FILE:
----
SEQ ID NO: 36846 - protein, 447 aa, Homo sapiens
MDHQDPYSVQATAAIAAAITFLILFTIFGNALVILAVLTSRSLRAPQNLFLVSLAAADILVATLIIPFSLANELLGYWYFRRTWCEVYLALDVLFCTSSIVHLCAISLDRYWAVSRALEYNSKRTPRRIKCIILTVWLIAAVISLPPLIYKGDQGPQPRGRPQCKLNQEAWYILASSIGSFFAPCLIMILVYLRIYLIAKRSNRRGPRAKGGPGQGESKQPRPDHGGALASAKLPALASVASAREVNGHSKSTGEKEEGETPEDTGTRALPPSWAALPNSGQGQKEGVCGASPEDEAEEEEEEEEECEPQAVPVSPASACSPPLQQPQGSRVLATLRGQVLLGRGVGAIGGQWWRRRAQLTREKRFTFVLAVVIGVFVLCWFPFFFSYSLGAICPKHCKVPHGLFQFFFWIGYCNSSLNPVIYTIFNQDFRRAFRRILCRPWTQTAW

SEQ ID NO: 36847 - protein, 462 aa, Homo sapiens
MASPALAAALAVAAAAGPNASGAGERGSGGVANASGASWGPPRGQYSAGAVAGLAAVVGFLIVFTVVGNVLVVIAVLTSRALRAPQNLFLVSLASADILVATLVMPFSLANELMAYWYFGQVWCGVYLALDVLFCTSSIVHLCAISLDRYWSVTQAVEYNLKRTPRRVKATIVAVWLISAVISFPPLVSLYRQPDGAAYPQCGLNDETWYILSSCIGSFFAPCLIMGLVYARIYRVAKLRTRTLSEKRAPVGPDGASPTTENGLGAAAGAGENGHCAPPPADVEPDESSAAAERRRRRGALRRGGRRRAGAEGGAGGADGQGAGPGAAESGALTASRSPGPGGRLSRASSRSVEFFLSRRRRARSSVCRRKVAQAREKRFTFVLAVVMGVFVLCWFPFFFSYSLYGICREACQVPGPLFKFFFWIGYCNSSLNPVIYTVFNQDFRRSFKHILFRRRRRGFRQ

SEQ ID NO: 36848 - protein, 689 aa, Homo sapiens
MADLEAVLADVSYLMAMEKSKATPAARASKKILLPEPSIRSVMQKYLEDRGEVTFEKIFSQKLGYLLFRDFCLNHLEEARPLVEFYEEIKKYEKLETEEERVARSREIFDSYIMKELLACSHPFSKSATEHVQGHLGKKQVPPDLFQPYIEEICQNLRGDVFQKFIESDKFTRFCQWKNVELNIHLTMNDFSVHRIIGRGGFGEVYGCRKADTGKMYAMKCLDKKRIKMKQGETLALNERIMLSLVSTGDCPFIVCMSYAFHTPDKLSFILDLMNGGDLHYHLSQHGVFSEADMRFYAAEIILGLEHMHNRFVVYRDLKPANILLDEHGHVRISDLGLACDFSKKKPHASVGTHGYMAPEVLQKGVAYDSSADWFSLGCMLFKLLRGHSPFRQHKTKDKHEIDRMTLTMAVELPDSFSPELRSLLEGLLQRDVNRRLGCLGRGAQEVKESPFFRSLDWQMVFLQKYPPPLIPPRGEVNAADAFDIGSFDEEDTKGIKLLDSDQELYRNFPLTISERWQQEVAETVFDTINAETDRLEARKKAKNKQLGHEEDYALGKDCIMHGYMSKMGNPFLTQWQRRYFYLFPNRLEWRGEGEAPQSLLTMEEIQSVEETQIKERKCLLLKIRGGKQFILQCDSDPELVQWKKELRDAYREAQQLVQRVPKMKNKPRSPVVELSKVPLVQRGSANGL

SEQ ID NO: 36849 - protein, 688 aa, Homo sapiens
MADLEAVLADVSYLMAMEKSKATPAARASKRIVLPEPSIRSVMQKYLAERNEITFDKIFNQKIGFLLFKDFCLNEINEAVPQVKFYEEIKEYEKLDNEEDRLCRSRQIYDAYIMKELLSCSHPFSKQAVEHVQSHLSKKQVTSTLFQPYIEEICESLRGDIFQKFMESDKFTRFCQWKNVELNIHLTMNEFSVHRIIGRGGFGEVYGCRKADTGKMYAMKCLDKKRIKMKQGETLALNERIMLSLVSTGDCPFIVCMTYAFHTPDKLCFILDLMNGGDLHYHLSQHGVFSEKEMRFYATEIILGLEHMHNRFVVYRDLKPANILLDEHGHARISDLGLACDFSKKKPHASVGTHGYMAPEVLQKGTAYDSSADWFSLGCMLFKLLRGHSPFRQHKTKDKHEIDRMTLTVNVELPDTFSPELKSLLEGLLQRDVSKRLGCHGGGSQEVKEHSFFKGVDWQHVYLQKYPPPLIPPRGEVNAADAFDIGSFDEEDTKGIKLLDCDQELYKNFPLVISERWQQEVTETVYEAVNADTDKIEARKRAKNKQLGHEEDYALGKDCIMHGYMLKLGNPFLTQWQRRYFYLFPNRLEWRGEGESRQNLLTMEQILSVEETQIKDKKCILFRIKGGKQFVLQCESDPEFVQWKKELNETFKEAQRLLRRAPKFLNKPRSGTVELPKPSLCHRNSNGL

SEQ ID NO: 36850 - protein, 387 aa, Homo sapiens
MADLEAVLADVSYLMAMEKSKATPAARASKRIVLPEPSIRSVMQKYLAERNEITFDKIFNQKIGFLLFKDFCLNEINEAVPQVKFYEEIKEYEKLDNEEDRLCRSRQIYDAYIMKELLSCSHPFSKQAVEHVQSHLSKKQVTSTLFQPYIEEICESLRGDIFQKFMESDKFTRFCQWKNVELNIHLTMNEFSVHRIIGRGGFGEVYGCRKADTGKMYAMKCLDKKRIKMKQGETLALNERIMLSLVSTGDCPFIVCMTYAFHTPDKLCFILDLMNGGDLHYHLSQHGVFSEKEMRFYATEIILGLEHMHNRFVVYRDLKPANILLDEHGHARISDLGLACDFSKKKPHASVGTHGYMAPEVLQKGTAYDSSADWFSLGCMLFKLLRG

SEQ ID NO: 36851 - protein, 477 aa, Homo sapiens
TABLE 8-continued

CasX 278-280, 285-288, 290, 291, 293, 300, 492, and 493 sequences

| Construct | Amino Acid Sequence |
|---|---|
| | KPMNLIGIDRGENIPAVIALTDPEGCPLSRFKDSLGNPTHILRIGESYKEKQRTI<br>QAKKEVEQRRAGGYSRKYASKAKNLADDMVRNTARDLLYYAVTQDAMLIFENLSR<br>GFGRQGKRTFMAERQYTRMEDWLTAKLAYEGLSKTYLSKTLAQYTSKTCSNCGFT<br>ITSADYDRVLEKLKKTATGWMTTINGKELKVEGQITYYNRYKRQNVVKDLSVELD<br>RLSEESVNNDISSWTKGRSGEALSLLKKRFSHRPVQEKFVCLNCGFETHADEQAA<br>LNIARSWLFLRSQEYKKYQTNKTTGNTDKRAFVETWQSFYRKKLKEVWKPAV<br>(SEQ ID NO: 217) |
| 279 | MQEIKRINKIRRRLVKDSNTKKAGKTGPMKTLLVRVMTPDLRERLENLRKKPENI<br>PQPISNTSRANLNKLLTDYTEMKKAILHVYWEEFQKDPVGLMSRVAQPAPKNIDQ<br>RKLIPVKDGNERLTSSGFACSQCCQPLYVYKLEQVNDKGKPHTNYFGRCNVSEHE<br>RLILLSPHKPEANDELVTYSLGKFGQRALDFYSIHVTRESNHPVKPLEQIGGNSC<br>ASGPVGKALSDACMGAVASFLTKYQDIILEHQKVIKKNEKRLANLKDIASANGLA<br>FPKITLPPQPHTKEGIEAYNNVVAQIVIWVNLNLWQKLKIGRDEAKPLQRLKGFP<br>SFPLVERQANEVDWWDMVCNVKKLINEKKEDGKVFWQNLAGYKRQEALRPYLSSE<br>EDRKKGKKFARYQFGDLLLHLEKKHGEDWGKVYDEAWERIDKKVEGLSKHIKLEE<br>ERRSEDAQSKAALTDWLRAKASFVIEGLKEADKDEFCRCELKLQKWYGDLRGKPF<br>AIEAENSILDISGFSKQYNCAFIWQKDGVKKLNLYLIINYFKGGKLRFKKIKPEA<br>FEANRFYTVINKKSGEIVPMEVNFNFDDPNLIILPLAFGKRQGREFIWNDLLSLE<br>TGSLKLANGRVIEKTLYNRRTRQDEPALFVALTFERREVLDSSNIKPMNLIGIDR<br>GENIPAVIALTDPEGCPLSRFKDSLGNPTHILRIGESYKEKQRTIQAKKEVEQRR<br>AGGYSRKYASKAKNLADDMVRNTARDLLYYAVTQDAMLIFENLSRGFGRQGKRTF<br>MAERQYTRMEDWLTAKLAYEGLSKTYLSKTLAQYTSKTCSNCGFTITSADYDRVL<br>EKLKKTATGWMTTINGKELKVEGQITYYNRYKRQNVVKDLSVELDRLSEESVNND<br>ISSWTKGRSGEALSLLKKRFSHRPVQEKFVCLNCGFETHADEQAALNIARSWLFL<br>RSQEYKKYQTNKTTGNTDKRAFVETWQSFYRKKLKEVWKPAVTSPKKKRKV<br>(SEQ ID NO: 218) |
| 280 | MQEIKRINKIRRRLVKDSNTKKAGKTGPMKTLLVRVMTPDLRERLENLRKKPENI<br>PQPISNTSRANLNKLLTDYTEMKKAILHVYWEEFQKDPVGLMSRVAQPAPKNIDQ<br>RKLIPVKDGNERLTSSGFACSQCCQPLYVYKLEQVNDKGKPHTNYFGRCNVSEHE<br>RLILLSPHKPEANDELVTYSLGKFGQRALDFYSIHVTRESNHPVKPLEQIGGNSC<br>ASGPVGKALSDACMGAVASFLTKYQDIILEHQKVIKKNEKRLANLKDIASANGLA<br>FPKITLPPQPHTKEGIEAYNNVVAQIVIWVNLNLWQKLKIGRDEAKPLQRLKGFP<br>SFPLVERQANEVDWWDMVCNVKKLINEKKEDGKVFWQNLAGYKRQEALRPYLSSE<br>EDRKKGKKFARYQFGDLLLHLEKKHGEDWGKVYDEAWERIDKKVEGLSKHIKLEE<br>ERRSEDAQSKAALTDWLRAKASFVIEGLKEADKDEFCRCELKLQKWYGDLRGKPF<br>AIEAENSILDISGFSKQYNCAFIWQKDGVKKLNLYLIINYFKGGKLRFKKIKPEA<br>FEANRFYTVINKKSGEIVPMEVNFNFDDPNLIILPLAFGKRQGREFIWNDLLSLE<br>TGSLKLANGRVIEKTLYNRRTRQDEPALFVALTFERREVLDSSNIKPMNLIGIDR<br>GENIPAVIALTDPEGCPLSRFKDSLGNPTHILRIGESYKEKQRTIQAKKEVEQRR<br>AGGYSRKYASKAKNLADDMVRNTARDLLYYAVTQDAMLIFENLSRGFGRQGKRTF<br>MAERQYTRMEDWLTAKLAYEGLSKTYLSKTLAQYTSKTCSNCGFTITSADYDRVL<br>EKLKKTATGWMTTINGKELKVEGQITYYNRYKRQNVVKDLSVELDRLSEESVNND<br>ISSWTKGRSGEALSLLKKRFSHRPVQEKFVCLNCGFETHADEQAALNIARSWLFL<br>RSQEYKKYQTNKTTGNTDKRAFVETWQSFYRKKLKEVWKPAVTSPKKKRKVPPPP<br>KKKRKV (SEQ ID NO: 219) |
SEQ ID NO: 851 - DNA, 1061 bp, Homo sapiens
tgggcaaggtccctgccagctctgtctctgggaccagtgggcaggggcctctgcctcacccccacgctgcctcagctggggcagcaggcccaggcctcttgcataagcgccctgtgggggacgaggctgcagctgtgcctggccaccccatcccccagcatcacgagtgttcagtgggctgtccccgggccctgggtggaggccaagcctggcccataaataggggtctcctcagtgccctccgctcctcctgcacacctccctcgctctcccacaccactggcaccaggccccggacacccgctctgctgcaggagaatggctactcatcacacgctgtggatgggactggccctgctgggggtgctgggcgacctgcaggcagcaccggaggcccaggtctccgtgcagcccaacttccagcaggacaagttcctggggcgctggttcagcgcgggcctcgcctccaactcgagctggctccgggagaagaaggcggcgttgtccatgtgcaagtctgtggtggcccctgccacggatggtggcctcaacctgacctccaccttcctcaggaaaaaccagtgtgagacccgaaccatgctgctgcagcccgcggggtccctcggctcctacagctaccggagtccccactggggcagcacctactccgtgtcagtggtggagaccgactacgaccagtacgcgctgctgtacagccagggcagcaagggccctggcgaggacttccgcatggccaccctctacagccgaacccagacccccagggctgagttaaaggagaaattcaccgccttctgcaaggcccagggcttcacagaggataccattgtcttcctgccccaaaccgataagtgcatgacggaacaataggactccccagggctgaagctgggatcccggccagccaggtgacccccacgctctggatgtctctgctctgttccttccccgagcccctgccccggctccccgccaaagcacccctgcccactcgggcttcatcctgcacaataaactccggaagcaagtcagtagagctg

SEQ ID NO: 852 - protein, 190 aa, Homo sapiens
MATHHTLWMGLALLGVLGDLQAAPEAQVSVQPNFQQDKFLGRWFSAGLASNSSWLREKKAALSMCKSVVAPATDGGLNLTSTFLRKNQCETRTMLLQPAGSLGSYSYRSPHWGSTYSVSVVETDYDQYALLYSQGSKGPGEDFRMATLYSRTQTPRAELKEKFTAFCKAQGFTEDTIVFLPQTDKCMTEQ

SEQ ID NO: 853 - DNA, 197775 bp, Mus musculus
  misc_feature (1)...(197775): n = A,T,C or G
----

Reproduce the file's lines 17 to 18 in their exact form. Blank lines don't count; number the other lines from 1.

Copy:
| 279 | MQEIKRINKIRRRLVKDSNTKKAGKTGPMKTLLVRVMTPDLRERLENLRKKPENI<br>PQPISNTSRANLNKLLTDYTEMKKAILHVYWEEFQKDPVGLMSRVAQPAPKNIDQ<br>RKLIPVKDGNERLTSSGFACSQCCQPLYVYKLEQVNDKGKPHTNYFGRCNVSEHE<br>RLILLSPHKPEANDELVTYSLGKFGQRALDFYSIHVTRESNHPVKPLEQIGGNSC<br>ASGPVGKALSDACMGAVASFLTKYQDIILEHQKVIKKNEKRLANLKDIASANGLA<br>FPKITLPPQPHTKEGIEAYNNVVAQIVIWVNLNLWQKLKIGRDEAKPLQRLKGFP<br>SFPLVERQANEVDWWDMVCNVKKLINEKKEDGKVFWQNLAGYKRQEALRPYLSSE<br>EDRKKGKKFARYQFGDLLLHLEKKHGEDWGKVYDEAWERIDKKVEGLSKHIKLEE<br>ERRSEDAQSKAALTDWLRAKASFVIEGLKEADKDEFCRCELKLQKWYGDLRGKPF<br>AIEAENSILDISGFSKQYNCAFIWQKDGVKKLNLYLIINYFKGGKLRFKKIKPEA<br>FEANRFYTVINKKSGEIVPMEVNFNFDDPNLIILPLAFGKRQGREFIWNDLLSLE<br>TGSLKLANGRVIEKTLYNRRTRQDEPALFVALTFERREVLDSSNIKPMNLIGIDR<br>GENIPAVIALTDPEGCPLSRFKDSLGNPTHILRIGESYKEKQRTIQAKKEVEQRR<br>AGGYSRKYASKAKNLADDMVRNTARDLLYYAVTQDAMLIFENLSRGFGRQGKRTF<br>MAERQYTRMEDWLTAKLAYEGLSKTYLSKTLAQYTSKTCSNCGFTITSADYDRVL<br>EKLKKTATGWMTTINGKELKVEGQITYYNRYKRQNVVKDLSVELDRLSEESVNND<br>ISSWTKGRSGEALSLLKKRFSHRPVQEKFVCLNCGFETHADEQAALNIARSWLFL<br>RSQEYKKYQTNKTTGNTDKRAFVETWQSFYRKKLKEVWKPAVTSPKKKRKV<br>(SEQ ID NO: 218) |
| 280 | MQEIKRINKIRRRLVKDSNTKKAGKTGPMKTLLVRVMTPDLRERLENLRKKPENI<br>PQPISNTSRANLNKLLTDYTEMKKAILHVYWEEFQKDPVGLMSRVAQPAPKNIDQ<br>RKLIPVKDGNERLTSSGFACSQCCQPLYVYKLEQVNDKGKPHTNYFGRCNVSEHE<br>RLILLSPHKPEANDELVTYSLGKFGQRALDFYSIHVTRESNHPVKPLEQIGGNSC<br>ASGPVGKALSDACMGAVASFLTKYQDIILEHQKVIKKNEKRLANLKDIASANGLA<br>FPKITLPPQPHTKEGIEAYNNVVAQIVIWVNLNLWQKLKIGRDEAKPLQRLKGFP<br>SFPLVERQANEVDWWDMVCNVKKLINEKKEDGKVFWQNLAGYKRQEALRPYLSSE<br>EDRKKGKKFARYQFGDLLLHLEKKHGEDWGKVYDEAWERIDKKVEGLSKHIKLEE<br>ERRSEDAQSKAALTDWLRAKASFVIEGLKEADKDEFCRCELKLQKWYGDLRGKPF<br>AIEAENSILDISGFSKQYNCAFIWQKDGVKKLNLYLIINYFKGGKLRFKKIKPEA<br>FEANRFYTVINKKSGEIVPMEVNFNFDDPNLIILPLAFGKRQGREFIWNDLLSLE<br>TGSLKLANGRVIEKTLYNRRTRQDEPALFVALTFERREVLDSSNIKPMNLIGIDR<br>GENIPAVIALTDPEGCPLSRFKDSLGNPTHILRIGESYKEKQRTIQAKKEVEQRR<br>AGGYSRKYASKAKNLADDMVRNTARDLLYYAVTQDAMLIFENLSRGFGRQGKRTF<br>MAERQYTRMEDWLTAKLAYEGLSKTYLSKTLAQYTSKTCSNCGFTITSADYDRVL<br>EKLKKTATGWMTTINGKELKVEGQITYYNRYKRQNVVKDLSVELDRLSEESVNND<br>ISSWTKGRSGEALSLLKKRFSHRPVQEKFVCLNCGFETHADEQAALNIARSWLFL<br>RSQEYKKYQTNKTTGNTDKRAFVETWQSFYRKKLKEVWKPAVTSPKKKRKVPPPP<br>KKKRKV (SEQ ID NO: 219) |